Part 3, Putting into play – On narrative from a cognitive perspective II

Continuation of Part 2, Putting into play

Realising that our restraint to embrace the cognition-based method, Narrative bridging (Boman, Gyllenbäck, 2010) was a matter of control due to the lack of clear description of how our mind works, and where the familiar story structures and templates constituted a safety. The thorny issue I faced was how to make people aware of their thinking as to access our core cognitive activities. If you have tried talking to people about their thinking and how it works, you will then also know that it is the trickiest thing one can do. If not handled with care, people will, at the most, become aware of you by comparing your thinking with theirs: opinion and meaning-wise. The awareness I am talking about isn’t about being smart or skilled. Instead, it is a matter of being conscious of the mind as a way to become conscious of how emotions, attention, desires, beliefs and intentions relate to our causal thinking and understanding.

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Part 2, Putting into play – On narrative from a cognitive perspective I

The series Putting into play is part of a more than a one-year-long project which began when I received a request from readers. They had noticed how the cognition-based method Narrative bridging (Boman, Gyllenbäck, 2010) provided an overlook and control of the organisation and arrangement of the information (also known as plotting) in the design of an engaging and dynamic game system. Since it is one thing to show how narration and cognition interplay as systems in a game that already exists of which the outcome can be evaluated, but quite another to start from nothing when putting thoughts and feelings into play. When readers expressed curiosity in learning how to use the method from absolute scratch in a hands-on tutorial, a ten-year-old conundrum reemerged concerning the minds-on part of the process.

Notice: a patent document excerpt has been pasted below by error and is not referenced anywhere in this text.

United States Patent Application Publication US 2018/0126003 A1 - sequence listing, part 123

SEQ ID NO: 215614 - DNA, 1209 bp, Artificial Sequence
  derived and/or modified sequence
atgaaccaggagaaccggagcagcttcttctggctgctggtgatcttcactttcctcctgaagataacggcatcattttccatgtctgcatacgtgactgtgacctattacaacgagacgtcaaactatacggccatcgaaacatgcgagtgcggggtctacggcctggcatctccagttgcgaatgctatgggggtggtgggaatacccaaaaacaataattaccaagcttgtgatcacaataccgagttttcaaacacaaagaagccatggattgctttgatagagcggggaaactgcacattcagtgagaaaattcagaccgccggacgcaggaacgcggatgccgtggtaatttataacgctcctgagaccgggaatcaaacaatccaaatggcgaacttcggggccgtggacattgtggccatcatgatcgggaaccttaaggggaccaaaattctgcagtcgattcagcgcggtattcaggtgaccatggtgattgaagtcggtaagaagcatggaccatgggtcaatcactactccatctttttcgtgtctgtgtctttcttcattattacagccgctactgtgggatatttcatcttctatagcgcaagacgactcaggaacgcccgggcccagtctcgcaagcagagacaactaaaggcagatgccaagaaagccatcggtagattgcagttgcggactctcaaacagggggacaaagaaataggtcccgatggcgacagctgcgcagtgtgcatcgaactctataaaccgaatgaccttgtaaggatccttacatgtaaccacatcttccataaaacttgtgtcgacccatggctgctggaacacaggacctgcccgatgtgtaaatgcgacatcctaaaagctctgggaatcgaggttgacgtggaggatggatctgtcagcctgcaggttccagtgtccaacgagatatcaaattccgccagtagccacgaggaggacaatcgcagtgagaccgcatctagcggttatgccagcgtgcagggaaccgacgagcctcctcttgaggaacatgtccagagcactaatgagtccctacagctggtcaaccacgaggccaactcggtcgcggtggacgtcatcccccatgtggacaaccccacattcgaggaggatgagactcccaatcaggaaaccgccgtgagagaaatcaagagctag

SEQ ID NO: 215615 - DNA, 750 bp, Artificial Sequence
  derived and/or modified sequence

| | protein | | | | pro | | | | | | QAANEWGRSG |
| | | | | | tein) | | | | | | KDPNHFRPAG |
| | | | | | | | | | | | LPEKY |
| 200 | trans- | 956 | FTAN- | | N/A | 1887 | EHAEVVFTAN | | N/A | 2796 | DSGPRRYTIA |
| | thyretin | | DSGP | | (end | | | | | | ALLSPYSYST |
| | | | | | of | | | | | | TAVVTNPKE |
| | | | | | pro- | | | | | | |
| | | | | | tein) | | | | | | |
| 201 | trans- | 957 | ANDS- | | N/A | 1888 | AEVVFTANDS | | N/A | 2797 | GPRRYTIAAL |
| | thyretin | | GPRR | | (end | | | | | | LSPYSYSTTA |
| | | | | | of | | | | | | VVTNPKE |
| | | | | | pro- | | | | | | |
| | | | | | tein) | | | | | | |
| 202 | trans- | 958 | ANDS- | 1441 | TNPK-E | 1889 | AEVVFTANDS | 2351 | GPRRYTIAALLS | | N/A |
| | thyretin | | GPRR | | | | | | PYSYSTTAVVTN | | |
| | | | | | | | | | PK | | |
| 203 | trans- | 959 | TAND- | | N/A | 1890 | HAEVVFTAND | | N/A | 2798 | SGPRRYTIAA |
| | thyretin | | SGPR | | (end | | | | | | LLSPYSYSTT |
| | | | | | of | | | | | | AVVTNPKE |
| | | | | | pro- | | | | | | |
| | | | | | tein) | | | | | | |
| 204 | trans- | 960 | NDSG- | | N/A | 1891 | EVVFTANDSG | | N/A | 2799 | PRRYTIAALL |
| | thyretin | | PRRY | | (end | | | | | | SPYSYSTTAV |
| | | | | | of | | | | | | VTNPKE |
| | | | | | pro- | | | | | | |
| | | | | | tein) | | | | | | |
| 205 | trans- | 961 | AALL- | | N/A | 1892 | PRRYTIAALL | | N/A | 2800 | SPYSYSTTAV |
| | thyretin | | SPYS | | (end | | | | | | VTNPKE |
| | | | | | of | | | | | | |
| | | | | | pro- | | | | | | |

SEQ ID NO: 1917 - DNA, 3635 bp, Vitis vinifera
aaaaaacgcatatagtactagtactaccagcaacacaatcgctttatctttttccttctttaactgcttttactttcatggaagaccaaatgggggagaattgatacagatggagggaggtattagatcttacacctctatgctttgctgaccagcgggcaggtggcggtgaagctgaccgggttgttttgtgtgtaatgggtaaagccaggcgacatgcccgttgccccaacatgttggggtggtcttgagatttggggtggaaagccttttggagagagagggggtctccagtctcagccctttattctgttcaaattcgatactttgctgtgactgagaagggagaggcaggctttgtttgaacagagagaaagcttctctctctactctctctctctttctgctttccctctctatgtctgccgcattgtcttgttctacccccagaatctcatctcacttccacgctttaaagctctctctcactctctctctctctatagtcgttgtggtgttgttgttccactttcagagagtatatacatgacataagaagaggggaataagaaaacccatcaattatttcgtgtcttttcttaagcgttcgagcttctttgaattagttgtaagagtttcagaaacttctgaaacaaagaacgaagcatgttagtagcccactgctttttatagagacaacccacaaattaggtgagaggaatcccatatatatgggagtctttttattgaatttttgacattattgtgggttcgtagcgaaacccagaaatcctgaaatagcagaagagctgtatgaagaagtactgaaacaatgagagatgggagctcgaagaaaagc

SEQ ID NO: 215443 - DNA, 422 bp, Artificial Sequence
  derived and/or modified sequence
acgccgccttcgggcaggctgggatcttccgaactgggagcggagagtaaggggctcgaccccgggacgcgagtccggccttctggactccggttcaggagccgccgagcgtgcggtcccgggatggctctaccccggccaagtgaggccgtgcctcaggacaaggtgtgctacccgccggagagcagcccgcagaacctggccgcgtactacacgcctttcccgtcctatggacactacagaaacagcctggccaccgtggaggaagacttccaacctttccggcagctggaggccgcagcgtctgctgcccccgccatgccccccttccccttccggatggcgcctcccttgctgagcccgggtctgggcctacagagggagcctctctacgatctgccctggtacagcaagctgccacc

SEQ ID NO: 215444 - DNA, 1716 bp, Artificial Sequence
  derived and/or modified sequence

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Part 1, Putting into play – A model of causal cognition on game design


The title Putting into play is inspired by the term mise-en-scene, which means, “putting into the scene” (or “put on stage”). The term had its origin in theatre and was later picked up by film scholars as to have a way of referring to the practice of directing, planning and controlling the elements for the desired effect on a stage or in a frame of a film. Since the term isn´t established in games but where the concept could provide an overlook of the stylish elements that are to be organised and arranged in the creation of a form; my intention is not to put a new term into play. What I will “put into play” are the thoughts that precede the choice of elements that are to become the parts of the desired form of an engaging and dynamic game system.

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Part 3, Don´t show, involve

The series “Don´t show, involve” builds upon the narrative as a cognitive process and how to go from a thought to the plotting of an involving experience. As to get the most out of the third and last part of “Don´t show, involve” I would like to recommend reading the previous parts before continuing.

Part 1 Don´t show, involve – how to propel a thought towards a goal.
Part 2 Don´t show, involve – hands-on plotting towards a goal.

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Part 2, Don´t show, involve



In this part of “Don´t show, involve” we will follow Jenova Chen´s plotting of the online game “Journey” with the help of the thought based method Narrative bridging. The article “The journey to create Journey – the quest for emotion”, which this hands-on plotting builds upon, can be found at Gamasutra. If you haven´t read the previous part of “Don´t show, involve”, it can be found here, and for further information about Narrative bridging and its theoretic background, you can go here.

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